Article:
setup all of the machines in an active directory domain structure and then impose group policy security restrictions. Don't put the domain users into the Administrators groups on their local machines (but make sure to put yourself, the Domain Admin in the LOCAL COMPUTER administrator groups). This way, they will be locked down from configuring system settings and adding/removing hardware (they can put a usb drive in, but it will never be mounted). This will also get rid of many spyware/adware problems you might be having as they wont be able to install the malicious software. If they DO require software to be installed, temporarily add their domain account to their local Administrators group and ask them to log out and back in. They can then install whatever software they want, and then you can disconnect them (via enforced login hours) or simply remove their name from the Administrators group and trust them to log out. An upside to this is you can also finely control which windows services you would like to run or not run on every machine throughout your domain. Remote computer management also becomes easier since you can remotely connect to your domain machines through the Computer Management interface (you being the Domain Admin).

-Adam

Re:windows AD domain policy (1)

Scuff (59882) | more than 9 years ago | (#13224743)

his will also get rid of many spyware/adware problems you might be having as they wont be able to install the malicious software.


I just wanted to point out that most malicious software can be installed without the user having administrative rights. such software often exploits vulnerabilities in windows or IE to get the installation to run as a system process instead of using the rights assigned to the user.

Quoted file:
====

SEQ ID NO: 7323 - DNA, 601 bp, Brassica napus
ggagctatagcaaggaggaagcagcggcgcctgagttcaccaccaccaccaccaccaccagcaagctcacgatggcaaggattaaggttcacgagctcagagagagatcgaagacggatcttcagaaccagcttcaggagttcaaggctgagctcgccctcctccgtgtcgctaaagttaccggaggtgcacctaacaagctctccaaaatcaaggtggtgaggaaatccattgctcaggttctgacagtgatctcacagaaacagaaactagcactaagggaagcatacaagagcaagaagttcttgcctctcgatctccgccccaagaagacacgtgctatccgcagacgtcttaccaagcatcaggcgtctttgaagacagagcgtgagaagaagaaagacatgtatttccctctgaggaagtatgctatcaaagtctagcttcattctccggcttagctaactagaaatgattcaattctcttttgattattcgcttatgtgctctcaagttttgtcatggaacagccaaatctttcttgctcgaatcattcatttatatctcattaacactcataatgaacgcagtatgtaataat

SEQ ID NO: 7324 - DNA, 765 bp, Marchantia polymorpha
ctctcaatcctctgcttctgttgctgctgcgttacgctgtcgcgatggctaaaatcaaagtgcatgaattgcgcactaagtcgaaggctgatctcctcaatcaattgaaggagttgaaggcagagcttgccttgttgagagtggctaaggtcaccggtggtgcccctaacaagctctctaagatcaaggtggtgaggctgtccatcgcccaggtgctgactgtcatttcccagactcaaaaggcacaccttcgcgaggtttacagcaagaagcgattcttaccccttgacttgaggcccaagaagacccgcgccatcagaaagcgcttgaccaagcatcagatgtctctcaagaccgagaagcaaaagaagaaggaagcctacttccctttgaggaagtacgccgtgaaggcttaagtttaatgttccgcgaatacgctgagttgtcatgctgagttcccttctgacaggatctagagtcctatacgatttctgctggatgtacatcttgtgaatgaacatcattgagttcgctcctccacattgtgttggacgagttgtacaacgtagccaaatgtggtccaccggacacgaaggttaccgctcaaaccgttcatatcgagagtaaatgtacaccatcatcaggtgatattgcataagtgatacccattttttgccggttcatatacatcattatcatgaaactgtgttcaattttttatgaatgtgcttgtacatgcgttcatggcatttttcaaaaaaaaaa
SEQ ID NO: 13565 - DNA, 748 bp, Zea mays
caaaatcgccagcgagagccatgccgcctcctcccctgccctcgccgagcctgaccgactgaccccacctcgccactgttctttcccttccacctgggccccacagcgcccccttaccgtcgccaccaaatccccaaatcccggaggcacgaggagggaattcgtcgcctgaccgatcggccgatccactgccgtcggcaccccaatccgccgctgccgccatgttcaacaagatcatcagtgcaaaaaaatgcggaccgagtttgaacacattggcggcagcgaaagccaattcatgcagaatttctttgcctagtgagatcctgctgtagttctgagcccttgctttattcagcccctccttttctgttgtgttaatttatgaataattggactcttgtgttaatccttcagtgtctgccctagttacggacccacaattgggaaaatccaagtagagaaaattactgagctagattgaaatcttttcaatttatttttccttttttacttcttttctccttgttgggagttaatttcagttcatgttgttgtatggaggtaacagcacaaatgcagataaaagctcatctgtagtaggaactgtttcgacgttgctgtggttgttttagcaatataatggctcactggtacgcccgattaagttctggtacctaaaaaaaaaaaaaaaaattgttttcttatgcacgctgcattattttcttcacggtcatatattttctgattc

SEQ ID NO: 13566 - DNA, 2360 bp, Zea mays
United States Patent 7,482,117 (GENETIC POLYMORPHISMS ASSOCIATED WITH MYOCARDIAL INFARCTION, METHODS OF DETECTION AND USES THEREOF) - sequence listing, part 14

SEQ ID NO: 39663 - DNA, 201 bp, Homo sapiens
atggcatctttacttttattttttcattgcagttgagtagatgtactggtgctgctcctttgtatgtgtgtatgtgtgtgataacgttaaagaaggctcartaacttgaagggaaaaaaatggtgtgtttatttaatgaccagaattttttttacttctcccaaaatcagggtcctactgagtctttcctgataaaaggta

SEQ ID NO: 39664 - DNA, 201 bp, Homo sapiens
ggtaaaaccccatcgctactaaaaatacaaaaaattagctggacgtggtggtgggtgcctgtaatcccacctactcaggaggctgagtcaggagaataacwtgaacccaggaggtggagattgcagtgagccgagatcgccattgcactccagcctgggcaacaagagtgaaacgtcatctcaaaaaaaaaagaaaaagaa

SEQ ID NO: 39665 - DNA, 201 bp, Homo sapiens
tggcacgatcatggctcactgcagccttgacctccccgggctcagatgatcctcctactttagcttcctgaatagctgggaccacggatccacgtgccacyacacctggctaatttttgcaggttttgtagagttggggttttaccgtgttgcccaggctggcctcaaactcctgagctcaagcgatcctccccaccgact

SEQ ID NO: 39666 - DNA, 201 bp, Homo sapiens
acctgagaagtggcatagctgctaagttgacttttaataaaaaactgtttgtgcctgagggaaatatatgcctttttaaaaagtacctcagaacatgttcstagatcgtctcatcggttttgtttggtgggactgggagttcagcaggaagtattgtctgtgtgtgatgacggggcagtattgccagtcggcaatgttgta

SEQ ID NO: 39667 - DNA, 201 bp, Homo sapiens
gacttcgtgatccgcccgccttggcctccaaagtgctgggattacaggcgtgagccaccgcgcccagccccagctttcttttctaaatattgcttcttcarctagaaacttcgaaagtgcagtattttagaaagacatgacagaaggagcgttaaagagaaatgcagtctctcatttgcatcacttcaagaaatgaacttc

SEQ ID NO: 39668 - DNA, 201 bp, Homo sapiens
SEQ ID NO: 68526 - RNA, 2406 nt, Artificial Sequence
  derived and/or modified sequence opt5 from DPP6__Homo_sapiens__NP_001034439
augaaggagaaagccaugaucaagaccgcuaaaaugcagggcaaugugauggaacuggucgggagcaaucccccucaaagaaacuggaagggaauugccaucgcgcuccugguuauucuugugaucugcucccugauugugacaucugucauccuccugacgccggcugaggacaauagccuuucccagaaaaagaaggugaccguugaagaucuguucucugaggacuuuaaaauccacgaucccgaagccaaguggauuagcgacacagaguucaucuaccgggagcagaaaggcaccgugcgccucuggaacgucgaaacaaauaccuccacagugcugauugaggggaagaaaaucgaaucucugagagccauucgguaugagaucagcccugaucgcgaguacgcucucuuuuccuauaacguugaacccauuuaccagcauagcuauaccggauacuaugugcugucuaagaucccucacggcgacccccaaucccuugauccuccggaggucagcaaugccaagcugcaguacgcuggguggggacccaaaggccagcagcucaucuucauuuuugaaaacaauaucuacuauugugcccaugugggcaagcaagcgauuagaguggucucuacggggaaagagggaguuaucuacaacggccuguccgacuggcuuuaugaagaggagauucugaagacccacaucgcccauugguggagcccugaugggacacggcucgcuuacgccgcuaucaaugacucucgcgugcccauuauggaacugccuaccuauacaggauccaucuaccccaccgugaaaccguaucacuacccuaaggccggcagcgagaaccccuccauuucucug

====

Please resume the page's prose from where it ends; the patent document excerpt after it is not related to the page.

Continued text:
Re:windows AD domain policy (1)

yuri benjamin (222127) | more than 9 years ago | (#13225457)

[yadda yadda tempory admin priviliges yadda yadda] ... and trust them to log out.

Of course they'll have to log out eventually. It's Windows. I can never keep my workstation at work logged in without reboot for more than a week.

Disable write access to USB devices. (1)

billn (5184) | more than 9 years ago | (#13224375)

Assuming you're in a managed windows environment where standard users are lacking the privileges to make changes to the operating system and it's settings (outside of application specific user options), you can apply certain registry settings that make all USB mass storage devices read-only.

This, coupled with good remote log hosts and alarm systems will not only prevent users from smuggling data, good or bad, it can also alert you to the activity.

This is, of course, moot if the workstations are equipped with floppies and burners. Your firewall policy can also negate the advantage is you have no network accounting in place or a hardened outbound traffic policy.

Re:Disable write access to USB devices. (1)

hummassa (157160) | more than 9 years ago | (#13225037)

most BIOSes I came across in the last year permit boot from USB, and none have some option to disable it -- yes, you can *think* you disabled it, but the magic (cntrl-f10) "boot menu" key continued to work. I found this tremendously insecure.

Re:Disable write access to USB devices. (1)

jrockway (229604) | more than 9 years ago | (#13228407)

If someone has gotten so close to the computer that they can plug in a keychain drive, boot their own OS, and steal data, then your security failed long ago. Ever hear of locking the door?

GFI LANGuard Portable Storage Contoller (1)

Llama Keeper (7984) | more than 9 years ago | (#13224391)

This product GFI LANGuard PSC http://www.gfi.com/lanpsc/ [gfi.com] will let you lock your USB mass storage on a per user basis on WinDoze machines.

We tried it in the demo mode when the administration at a client was freaking out about IPods. We ended up going with a written policy (that actually had enforcement!!!!!) instead of a technology solution!

over-reliance on policies and procedures (1)

sfjoe (470510) | more than 9 years ago | (#13224402)


More and more I see companies trying to solve every problem or perceived problem by putting a policy in place. Usually, this solves the problem at the expense of morale and productivity. A once simple task is now a complicated nightmare.